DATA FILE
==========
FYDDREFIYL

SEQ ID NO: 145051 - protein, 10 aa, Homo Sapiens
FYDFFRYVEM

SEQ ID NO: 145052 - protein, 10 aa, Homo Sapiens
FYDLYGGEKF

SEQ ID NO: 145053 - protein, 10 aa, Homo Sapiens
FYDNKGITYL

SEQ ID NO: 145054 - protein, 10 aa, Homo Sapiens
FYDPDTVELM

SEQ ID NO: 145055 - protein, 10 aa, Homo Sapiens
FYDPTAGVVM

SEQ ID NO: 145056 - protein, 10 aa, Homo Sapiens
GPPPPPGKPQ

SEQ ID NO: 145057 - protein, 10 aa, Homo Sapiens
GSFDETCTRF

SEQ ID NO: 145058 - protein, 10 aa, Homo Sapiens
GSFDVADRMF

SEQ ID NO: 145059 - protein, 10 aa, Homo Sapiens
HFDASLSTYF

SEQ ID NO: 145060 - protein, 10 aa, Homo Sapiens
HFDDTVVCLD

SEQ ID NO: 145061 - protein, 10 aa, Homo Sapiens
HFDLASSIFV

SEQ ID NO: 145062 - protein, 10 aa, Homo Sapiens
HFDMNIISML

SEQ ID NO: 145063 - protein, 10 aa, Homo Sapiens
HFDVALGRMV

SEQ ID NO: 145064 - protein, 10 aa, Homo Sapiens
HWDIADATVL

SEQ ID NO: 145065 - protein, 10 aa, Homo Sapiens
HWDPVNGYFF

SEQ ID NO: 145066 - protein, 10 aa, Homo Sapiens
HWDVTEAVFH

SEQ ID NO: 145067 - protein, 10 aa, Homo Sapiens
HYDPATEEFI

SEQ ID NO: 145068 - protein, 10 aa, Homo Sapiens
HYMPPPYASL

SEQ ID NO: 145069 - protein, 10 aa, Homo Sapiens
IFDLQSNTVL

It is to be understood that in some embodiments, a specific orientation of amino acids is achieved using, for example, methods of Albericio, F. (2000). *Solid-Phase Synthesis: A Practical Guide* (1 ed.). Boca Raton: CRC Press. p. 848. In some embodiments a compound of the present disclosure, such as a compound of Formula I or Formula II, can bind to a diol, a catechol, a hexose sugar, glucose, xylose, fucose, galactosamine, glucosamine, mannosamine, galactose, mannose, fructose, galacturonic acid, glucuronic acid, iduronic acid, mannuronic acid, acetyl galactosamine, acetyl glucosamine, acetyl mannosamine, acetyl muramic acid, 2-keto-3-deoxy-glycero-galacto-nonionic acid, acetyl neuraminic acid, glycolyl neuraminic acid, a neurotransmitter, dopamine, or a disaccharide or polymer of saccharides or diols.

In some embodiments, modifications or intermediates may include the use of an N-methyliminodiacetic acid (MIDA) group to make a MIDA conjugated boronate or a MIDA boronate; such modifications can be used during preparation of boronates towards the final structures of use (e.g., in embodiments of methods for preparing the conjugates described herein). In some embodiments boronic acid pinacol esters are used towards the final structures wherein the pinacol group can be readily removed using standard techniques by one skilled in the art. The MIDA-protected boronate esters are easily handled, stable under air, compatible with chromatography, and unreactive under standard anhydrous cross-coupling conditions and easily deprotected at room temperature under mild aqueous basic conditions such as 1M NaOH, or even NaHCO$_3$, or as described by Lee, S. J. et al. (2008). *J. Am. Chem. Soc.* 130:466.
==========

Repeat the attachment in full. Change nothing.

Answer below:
FYDDREFIYL

SEQ ID NO: 145051 - protein, 10 aa, Homo Sapiens
FYDFFRYVEM

SEQ ID NO: 145052 - protein, 10 aa, Homo Sapiens
FYDLYGGEKF

SEQ ID NO: 145053 - protein, 10 aa, Homo Sapiens
FYDNKGITYL

SEQ ID NO: 145054 - protein, 10 aa, Homo Sapiens
FYDPDTVELM

SEQ ID NO: 145055 - protein, 10 aa, Homo Sapiens
FYDPTAGVVM

SEQ ID NO: 145056 - protein, 10 aa, Homo Sapiens
GPPPPPGKPQ

SEQ ID NO: 145057 - protein, 10 aa, Homo Sapiens
GSFDETCTRF

SEQ ID NO: 145058 - protein, 10 aa, Homo Sapiens
GSFDVADRMF

SEQ ID NO: 145059 - protein, 10 aa, Homo Sapiens
HFDASLSTYF

SEQ ID NO: 145060 - protein, 10 aa, Homo Sapiens
HFDDTVVCLD

SEQ ID NO: 145061 - protein, 10 aa, Homo Sapiens
HFDLASSIFV

SEQ ID NO: 145062 - protein, 10 aa, Homo Sapiens
HFDMNIISML

SEQ ID NO: 145063 - protein, 10 aa, Homo Sapiens
HFDVALGRMV

SEQ ID NO: 145064 - protein, 10 aa, Homo Sapiens
HWDIADATVL

SEQ ID NO: 145065 - protein, 10 aa, Homo Sapiens
HWDPVNGYFF

SEQ ID NO: 145066 - protein, 10 aa, Homo Sapiens
HWDVTEAVFH

SEQ ID NO: 145067 - protein, 10 aa, Homo Sapiens
HYDPATEEFI

SEQ ID NO: 145068 - protein, 10 aa, Homo Sapiens
HYMPPPYASL

SEQ ID NO: 145069 - protein, 10 aa, Homo Sapiens
IFDLQSNTVL

It is to be understood that in some embodiments, a specific orientation of amino acids is achieved using, for example, methods of Albericio, F. (2000). *Solid-Phase Synthesis: A Practical Guide* (1 ed.). Boca Raton: CRC Press. p. 848. In some embodiments a compound of the present disclosure, such as a compound of Formula I or Formula II, can bind to a diol, a catechol, a hexose sugar, glucose, xylose, fucose, galactosamine, glucosamine, mannosamine, galactose, mannose, fructose, galacturonic acid, glucuronic acid, iduronic acid, mannuronic acid, acetyl galactosamine, acetyl glucosamine, acetyl mannosamine, acetyl muramic acid, 2-keto-3-deoxy-glycero-galacto-nonionic acid, acetyl neuraminic acid, glycolyl neuraminic acid, a neurotransmitter, dopamine, or a disaccharide or polymer of saccharides or diols.

In some embodiments, modifications or intermediates may include the use of an N-methyliminodiacetic acid (MIDA) group to make a MIDA conjugated boronate or a MIDA boronate; such modifications can be used during preparation of boronates towards the final structures of use (e.g., in embodiments of methods for preparing the conjugates described herein). In some embodiments boronic acid pinacol esters are used towards the final structures wherein the pinacol group can be readily removed using standard techniques by one skilled in the art. The MIDA-protected boronate esters are easily handled, stable under air, compatible with chromatography, and unreactive under standard anhydrous cross-coupling conditions and easily deprotected at room temperature under mild aqueous basic conditions such as 1M NaOH, or even NaHCO$_3$, or as described by Lee, S. J. et al. (2008). *J. Am. Chem. Soc.* 130:466.